Tickets: € 5
How will the world end? Whether by nuclear catastrophe, alien invasion or environmental collapse, movies have long sought to answer this question, by envisioning the unthinkable. Today, in an age of accelerated global climate change and Trump's saber rattling with North Korea, apocalypse cinema has never felt more vital. In this program, we look back at the best, boldest, and most unusual visions of The End. Tonight we dive into Peter Weir's hallucinatory thriller The Last Wave (1977).
While Australia is battered by unusually powerful rainstorms, five Aboriginal men are arrested for murder in Sydney. White lawyer David Burton (Richard Chamberlain) agrees to represent them. With the reluctant help of one of the suspects, Chris Lee (David Gulpilil), Burton begins to believe that the killing was carried out in the name of tribal law. Plagued by prophetic dreams of a coming apocalypse, Burton becomes obsessed with the secrets that the tribe is guarding, and finds his rational Western worldview shattered. Peter Weir's eerie, rain-soaked thriller is one of the key Australian genre films of the 1970s. It is also among the first Australian films to thoughtfully explore Indigenous religion and culture, bringing the Aboriginal concept of Dreamtime to vivid life through Weir's uncanny imagery. Watch the trailer.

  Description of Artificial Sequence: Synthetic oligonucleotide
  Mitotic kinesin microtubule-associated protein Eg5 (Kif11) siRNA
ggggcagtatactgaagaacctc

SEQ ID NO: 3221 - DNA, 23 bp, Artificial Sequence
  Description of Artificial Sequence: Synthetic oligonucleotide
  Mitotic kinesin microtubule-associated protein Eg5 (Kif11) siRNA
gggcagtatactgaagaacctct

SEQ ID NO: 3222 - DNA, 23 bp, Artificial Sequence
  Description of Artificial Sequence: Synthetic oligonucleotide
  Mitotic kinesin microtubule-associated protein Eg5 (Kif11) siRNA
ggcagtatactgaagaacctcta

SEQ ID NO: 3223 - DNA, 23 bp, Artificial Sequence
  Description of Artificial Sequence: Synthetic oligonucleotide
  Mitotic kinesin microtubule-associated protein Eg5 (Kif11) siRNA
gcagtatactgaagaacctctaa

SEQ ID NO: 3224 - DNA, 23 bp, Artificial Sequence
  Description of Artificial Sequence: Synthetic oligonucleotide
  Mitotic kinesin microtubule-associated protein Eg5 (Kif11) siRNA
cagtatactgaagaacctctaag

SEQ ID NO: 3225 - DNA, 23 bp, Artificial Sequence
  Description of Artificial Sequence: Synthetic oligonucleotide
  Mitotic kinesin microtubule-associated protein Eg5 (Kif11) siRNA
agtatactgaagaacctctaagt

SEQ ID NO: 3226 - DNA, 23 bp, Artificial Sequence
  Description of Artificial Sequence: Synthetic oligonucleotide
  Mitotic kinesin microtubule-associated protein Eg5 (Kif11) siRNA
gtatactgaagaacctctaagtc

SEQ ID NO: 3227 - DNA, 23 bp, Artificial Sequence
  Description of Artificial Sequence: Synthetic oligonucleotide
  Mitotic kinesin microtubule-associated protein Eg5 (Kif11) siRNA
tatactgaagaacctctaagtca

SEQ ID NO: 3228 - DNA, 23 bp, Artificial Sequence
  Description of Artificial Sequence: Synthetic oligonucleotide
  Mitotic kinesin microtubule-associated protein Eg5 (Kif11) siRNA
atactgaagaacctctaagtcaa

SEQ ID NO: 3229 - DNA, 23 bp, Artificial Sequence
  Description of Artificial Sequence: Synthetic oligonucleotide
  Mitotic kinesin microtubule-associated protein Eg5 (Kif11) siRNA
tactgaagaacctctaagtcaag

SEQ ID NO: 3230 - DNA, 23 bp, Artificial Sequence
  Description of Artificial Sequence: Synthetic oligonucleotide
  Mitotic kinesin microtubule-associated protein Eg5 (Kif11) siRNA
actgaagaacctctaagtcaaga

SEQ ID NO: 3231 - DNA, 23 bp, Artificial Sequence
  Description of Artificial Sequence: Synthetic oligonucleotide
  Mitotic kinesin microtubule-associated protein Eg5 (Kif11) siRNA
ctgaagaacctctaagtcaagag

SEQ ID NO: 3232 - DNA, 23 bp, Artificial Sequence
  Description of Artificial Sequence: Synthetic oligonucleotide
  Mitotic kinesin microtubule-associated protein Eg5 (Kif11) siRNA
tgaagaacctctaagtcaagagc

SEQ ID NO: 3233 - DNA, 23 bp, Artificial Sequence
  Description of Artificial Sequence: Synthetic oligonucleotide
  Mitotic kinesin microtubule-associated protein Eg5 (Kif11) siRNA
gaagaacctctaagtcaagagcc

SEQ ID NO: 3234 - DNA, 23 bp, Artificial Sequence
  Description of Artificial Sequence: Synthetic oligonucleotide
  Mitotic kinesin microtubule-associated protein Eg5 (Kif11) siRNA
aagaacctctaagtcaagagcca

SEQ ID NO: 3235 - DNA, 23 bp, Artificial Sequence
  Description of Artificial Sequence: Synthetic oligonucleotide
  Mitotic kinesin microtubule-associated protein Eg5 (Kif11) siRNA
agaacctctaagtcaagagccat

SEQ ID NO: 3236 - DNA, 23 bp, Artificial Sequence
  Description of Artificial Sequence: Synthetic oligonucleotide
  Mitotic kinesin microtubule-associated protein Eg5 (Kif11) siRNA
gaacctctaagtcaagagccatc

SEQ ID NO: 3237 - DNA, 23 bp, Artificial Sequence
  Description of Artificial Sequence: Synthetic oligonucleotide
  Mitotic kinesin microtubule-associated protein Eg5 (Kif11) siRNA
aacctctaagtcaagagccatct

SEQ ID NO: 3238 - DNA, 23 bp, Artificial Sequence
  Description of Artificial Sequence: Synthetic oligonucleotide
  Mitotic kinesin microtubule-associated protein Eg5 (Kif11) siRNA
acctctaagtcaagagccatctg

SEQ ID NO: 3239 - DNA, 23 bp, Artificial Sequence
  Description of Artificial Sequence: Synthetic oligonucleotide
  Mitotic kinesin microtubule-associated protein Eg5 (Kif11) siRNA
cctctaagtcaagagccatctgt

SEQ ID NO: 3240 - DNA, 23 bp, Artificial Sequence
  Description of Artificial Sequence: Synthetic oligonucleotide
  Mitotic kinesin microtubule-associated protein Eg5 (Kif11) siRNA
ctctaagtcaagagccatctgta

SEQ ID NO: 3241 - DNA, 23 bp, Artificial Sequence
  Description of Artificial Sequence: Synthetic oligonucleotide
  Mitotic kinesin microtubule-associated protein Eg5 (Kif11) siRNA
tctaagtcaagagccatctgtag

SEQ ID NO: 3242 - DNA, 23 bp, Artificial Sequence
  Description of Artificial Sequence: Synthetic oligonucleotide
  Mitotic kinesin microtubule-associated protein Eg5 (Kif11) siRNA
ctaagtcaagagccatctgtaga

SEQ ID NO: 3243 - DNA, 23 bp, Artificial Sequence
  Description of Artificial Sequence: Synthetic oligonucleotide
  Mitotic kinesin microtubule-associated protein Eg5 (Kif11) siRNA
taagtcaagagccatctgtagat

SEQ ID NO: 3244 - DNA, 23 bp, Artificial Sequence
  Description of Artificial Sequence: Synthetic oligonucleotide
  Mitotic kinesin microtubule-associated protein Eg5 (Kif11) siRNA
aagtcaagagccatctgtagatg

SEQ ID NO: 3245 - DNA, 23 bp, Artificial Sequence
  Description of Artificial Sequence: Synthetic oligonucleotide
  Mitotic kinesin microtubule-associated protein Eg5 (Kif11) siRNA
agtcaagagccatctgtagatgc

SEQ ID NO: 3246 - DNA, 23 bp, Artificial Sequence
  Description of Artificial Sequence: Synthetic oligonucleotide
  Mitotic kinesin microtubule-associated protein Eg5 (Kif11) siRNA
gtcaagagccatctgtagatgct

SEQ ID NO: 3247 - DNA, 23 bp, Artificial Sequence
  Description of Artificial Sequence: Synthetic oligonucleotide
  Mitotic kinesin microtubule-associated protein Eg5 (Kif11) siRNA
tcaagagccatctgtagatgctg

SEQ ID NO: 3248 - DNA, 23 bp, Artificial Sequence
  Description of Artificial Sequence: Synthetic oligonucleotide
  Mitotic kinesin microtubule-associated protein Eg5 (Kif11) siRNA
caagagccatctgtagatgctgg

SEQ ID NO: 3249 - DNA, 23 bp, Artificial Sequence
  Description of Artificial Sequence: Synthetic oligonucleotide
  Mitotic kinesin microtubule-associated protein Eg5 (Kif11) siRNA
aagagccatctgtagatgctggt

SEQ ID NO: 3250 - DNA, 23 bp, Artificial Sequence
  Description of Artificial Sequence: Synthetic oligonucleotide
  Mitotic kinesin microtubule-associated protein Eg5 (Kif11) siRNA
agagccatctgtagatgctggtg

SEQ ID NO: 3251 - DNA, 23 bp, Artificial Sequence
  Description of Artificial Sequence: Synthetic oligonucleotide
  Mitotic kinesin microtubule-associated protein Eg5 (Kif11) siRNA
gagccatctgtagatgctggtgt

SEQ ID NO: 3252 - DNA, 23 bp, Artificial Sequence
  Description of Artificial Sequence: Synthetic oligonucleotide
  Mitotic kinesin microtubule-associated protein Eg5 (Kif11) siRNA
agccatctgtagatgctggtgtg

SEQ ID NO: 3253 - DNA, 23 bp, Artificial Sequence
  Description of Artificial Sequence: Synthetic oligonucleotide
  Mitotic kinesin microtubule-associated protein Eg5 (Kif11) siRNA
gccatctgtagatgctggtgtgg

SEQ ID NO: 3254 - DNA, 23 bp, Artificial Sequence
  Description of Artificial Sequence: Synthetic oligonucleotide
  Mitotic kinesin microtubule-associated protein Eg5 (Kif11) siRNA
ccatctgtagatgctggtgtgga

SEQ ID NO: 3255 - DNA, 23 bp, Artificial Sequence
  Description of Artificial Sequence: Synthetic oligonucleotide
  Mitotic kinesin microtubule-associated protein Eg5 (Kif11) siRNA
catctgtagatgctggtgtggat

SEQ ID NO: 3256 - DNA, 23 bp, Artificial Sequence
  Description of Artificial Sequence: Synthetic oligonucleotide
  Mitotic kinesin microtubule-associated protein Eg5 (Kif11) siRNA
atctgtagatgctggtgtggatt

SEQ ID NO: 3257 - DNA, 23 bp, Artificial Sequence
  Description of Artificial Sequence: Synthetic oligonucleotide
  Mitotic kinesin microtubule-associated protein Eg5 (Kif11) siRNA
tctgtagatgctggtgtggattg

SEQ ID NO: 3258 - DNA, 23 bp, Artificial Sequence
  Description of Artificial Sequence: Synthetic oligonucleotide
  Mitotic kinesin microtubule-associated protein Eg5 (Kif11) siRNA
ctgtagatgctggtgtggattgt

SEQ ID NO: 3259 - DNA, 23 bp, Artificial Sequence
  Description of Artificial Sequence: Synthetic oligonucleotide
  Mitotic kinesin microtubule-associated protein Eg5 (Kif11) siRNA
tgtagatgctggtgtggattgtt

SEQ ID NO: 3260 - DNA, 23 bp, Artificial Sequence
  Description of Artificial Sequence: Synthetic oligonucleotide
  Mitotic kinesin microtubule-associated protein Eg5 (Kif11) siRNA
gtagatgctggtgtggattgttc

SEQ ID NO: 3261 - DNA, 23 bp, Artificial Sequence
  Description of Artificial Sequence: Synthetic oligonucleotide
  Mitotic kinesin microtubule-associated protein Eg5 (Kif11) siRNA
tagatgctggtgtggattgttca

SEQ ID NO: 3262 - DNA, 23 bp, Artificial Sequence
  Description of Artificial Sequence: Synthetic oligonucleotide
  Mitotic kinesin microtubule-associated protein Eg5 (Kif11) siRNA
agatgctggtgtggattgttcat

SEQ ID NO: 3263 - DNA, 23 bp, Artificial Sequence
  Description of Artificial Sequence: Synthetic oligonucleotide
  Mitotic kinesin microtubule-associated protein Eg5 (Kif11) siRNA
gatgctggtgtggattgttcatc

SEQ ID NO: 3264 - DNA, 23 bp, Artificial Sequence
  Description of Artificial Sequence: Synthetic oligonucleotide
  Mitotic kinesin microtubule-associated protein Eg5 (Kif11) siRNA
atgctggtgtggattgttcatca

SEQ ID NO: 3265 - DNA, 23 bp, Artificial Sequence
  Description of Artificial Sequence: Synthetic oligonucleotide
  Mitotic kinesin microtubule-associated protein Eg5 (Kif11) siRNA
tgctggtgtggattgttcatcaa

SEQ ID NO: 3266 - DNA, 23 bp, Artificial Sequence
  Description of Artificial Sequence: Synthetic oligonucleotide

Directed by Peter Weir, 1977, Australia, 106 minutes. In English.
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